McConnell Arts Center Assists 4-H with Art Book
WORTHINGTON, Ohio, Dec. 21, 2011 /PRNewswire/ — On the surface, they seem unlikely partners.
Ohio 4-H has a traditional reputation, as one executive said, for “cows and cooking.”
The Peggy R. McConnell Arts Center has a reputation for, well, great art.
Looks can be deceiving, however, as the two entities have combined to create a new art instructional book that will help 4-H members across the country with art projects.
“This has been a terrific partnership and the result is a truly beautiful and needed book,” said Jon Cook, executive director of the McConnell Arts Center. “This extends our artistic reach. We are able to contribute to the delivery of art education to all corners of the country.”
The Peggy R. McConnell Arts Center is a contemporary, multidisciplinary facility presenting and promoting the performing, visual and digital arts in Worthington, Ohio, a suburb of Columbus. Opened just two years ago, the center offers a series of performances, exhibitions and classes, and cultural opportunities in renovated, 20,000-square foot former school building. The facility includes a 213 seat theatre, an exhibition gallery, four classrooms, a digital imaging studio, a dance studio and rotating exhibitions sprinkled throughout the facility.
The book – Getting Started in Art – will be available nationally through Ohio 4-H, beginning Jan. 1.
Getting Started in Art is the first new art book produced by 4-H in a decade and marks a larger commitment to the arts by an organization that has its roots in agriculture. The book walks 4-H members through the steps of creating an art project for local and state competitions.
The book is the brainchild of Bob Horton, an extension specialist for Educational Design and Science Education at Ohio 4-H and a member of the McConnell Arts Center board of directors. Horton said it is a critical time for art education in Ohio and around the country.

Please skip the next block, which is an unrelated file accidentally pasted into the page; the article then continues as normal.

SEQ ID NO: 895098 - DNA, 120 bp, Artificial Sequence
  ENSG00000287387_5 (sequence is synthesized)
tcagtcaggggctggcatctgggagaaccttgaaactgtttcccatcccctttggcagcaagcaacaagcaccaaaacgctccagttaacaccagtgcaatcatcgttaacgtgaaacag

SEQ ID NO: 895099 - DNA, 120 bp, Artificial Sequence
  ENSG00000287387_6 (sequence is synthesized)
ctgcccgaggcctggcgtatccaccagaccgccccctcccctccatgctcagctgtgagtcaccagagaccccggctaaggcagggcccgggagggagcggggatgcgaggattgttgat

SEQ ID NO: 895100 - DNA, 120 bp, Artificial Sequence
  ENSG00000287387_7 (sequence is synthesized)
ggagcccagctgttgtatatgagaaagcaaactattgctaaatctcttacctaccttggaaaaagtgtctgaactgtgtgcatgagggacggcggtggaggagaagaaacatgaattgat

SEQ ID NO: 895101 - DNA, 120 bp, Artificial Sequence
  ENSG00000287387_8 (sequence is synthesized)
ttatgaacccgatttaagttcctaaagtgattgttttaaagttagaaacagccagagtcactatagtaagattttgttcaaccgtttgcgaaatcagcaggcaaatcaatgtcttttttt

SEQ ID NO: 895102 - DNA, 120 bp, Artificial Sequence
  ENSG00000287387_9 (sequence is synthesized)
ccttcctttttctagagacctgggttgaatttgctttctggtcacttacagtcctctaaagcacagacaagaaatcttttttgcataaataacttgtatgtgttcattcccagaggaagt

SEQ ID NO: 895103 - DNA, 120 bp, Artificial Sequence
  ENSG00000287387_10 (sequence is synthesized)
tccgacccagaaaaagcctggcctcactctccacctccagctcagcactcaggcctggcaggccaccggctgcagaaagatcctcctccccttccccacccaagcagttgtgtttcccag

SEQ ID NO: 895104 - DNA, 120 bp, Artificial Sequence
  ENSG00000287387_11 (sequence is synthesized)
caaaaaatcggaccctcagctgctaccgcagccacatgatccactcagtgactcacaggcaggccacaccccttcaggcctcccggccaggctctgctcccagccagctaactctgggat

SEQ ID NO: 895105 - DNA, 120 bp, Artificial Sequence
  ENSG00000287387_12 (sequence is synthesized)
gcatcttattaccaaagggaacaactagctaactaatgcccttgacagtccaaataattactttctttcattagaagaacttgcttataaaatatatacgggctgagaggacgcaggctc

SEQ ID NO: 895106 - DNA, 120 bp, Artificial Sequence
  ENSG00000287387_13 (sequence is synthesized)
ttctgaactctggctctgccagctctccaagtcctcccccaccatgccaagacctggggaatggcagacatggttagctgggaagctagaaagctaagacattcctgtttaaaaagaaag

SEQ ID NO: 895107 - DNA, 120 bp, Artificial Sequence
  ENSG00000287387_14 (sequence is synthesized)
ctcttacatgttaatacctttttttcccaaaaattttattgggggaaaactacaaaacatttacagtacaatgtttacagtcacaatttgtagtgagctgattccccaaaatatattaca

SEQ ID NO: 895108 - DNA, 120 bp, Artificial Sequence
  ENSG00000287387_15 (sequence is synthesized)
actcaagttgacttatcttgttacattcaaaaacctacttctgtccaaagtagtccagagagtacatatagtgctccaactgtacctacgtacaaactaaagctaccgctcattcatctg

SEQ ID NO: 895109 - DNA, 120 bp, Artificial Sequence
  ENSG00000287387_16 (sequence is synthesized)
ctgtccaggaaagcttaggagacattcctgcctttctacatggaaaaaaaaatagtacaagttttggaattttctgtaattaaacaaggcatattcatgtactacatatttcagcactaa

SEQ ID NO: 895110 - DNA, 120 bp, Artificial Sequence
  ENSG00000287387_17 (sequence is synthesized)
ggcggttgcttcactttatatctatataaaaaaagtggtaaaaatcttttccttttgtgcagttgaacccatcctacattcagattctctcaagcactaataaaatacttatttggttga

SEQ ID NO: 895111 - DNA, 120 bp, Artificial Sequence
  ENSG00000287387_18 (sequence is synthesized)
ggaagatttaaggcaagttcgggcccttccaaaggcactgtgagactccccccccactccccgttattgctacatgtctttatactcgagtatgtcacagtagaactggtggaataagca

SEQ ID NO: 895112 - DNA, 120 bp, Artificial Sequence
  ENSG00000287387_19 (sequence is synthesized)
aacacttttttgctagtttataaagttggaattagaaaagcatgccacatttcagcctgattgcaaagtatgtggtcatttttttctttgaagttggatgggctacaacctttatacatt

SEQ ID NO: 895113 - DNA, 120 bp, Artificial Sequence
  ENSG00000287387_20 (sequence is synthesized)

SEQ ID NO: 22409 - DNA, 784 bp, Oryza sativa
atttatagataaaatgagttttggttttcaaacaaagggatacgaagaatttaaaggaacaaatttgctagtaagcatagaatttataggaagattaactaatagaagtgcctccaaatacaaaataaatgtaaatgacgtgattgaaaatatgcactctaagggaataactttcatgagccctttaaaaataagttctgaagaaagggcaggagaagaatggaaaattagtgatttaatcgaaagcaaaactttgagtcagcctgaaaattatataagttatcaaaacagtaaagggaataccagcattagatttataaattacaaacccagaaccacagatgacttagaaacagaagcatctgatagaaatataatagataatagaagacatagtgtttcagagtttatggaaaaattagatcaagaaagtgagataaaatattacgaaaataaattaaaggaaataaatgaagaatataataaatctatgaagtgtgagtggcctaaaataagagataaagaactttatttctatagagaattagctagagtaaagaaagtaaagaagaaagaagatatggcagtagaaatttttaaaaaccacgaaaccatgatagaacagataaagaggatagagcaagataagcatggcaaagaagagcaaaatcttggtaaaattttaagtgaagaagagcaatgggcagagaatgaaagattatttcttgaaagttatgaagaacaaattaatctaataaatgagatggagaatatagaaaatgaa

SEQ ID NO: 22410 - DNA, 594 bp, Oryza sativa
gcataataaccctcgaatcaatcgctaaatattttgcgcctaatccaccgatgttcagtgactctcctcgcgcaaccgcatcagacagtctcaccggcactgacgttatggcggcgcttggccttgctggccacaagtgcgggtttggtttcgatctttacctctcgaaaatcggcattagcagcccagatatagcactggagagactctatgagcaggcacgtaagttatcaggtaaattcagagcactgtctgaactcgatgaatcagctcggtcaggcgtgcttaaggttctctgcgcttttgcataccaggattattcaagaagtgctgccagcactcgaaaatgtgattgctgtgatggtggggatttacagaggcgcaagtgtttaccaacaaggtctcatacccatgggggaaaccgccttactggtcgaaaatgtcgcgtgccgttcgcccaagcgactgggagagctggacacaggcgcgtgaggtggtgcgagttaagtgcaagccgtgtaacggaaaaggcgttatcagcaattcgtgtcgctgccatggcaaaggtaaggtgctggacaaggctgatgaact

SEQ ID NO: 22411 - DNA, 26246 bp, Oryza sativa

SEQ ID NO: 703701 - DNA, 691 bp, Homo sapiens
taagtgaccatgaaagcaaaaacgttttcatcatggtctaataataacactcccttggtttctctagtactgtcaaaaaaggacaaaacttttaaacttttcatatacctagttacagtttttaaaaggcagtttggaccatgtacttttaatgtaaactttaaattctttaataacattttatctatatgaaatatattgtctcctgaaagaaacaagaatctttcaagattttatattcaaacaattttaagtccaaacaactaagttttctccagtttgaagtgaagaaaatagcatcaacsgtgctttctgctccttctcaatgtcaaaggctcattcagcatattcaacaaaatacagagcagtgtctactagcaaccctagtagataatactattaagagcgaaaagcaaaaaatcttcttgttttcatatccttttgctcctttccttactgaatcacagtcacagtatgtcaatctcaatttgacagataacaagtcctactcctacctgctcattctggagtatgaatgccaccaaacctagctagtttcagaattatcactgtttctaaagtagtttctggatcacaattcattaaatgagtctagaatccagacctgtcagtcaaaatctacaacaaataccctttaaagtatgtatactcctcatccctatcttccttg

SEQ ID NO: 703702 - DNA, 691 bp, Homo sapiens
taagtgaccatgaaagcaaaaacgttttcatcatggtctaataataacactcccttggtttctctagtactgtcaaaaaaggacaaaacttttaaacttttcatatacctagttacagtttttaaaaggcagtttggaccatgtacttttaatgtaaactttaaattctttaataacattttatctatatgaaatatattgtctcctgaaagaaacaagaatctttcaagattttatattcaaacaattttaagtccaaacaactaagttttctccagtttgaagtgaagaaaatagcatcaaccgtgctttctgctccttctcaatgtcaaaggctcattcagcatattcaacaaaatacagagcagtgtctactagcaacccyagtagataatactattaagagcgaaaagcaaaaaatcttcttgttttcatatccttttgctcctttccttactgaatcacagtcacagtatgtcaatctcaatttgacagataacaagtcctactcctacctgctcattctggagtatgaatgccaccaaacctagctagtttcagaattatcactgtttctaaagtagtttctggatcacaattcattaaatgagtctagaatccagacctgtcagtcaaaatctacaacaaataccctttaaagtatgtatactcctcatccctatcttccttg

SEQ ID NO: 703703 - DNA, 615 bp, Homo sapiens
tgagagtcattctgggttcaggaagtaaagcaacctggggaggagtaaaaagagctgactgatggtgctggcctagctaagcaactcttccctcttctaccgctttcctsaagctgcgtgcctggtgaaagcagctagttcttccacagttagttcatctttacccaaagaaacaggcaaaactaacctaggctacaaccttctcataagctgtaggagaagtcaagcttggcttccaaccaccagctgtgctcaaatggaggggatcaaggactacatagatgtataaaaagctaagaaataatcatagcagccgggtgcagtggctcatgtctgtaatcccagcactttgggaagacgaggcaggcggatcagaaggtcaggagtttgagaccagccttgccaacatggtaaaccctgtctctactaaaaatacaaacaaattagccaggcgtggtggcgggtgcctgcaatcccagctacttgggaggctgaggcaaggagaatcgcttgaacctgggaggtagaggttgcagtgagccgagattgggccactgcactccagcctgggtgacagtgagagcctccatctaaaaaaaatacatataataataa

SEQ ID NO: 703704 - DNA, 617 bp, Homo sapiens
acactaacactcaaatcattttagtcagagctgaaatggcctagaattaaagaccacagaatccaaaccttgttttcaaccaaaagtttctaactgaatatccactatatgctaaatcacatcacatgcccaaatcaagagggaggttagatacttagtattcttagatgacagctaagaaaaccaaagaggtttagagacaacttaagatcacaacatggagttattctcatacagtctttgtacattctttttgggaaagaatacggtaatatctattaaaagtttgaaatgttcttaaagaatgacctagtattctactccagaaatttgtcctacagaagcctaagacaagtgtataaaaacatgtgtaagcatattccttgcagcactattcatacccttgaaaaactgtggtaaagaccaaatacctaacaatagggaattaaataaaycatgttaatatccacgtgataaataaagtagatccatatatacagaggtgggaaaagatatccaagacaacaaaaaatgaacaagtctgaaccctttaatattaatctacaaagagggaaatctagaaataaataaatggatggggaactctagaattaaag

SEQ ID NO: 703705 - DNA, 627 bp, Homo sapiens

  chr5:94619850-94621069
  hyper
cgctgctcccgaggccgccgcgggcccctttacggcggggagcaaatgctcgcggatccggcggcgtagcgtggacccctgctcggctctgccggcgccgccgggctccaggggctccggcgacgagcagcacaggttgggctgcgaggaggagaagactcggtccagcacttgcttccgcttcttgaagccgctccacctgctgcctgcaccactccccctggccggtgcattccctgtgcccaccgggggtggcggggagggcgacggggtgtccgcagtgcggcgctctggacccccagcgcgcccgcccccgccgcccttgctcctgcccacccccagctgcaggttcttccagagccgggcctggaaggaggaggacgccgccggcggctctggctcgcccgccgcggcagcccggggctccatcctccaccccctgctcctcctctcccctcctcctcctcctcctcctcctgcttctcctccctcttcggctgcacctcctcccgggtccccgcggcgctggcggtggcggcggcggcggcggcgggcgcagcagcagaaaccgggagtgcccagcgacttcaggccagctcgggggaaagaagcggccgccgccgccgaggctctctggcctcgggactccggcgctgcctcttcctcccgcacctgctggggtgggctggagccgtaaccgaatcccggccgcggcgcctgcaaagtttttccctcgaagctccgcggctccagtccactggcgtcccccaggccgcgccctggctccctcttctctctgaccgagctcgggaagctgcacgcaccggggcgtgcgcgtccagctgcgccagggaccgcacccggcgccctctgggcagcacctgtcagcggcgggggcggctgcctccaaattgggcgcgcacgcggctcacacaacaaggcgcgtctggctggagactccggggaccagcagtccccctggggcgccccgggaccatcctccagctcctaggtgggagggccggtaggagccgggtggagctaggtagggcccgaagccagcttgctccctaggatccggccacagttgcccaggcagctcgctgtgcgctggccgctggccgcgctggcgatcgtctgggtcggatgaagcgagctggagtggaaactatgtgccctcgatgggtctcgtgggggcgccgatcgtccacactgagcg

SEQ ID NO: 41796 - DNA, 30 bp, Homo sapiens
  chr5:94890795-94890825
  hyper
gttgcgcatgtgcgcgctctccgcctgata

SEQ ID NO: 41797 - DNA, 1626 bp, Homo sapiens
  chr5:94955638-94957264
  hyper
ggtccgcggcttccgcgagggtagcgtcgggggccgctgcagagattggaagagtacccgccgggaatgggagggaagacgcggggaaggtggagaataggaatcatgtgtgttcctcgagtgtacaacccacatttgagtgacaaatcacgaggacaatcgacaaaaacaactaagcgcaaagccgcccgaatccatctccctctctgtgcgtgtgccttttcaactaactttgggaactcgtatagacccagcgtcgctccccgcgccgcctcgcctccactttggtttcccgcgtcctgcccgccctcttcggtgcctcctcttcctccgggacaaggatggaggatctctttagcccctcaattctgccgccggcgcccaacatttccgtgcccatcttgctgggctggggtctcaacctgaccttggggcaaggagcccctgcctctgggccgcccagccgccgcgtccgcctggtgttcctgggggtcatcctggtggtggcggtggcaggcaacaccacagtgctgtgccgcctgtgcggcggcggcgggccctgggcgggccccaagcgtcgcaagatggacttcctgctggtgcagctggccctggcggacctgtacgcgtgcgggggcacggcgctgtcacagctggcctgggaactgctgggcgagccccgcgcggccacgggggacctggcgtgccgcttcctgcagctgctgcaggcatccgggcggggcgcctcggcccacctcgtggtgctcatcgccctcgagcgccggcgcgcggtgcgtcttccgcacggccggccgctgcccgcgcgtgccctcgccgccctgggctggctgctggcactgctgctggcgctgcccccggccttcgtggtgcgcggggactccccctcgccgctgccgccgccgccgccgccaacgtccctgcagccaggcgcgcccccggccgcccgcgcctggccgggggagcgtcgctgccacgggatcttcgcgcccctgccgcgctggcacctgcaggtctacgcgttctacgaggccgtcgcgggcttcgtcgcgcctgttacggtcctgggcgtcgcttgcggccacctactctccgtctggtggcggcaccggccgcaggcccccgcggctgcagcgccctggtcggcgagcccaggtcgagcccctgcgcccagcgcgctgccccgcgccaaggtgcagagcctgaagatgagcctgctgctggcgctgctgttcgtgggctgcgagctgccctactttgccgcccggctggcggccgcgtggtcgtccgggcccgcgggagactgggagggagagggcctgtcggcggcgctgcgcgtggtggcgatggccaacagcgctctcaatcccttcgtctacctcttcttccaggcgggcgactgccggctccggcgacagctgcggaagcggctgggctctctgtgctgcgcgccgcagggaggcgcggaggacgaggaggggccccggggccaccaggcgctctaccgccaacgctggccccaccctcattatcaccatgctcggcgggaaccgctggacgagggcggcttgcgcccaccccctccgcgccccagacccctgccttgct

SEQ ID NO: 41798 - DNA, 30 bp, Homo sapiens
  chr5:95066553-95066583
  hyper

“When a school district experiences economic problems and has to cut back in the classroom, art is usually one of the first classes to get the axe,” Horton said. “4-H is picking up the slack for many kids interested in art. This book will help guide them through the principles of art education.”
Horton noted that the book can be used by a fourth grader or a senior in high school. “The principles are the same, but obviously a senior in high school would create a more sophisticated project,” he said.
The project was funded by grants from Ohio State University and the McConnell Foundation. Horton asked the McConnell Arts Center to coordinate the project.
Michelle Geissbuhler, CEO of Goat Hill Productions, a Columbus, Ohio, marketing firm, oversaw production of the book. Art teachers from Worthington City Schools, vetted the book, making sure it covered all the salient aspects of an art publication and met state art curriculum guidelines.
As part of the newly formed relationship with 4-H, associates of the McConnell Arts Center will help judge the art competition at the 2012 Ohio State Fair. The winners will be featured in an exhibit at the McConnell Arts Center.
To learn more about the diverse performing, visual and educational programming at the Peggy R. McConnell Arts Center, visit www.mcconnellarts.org.
SOURCE McConnell Arts Center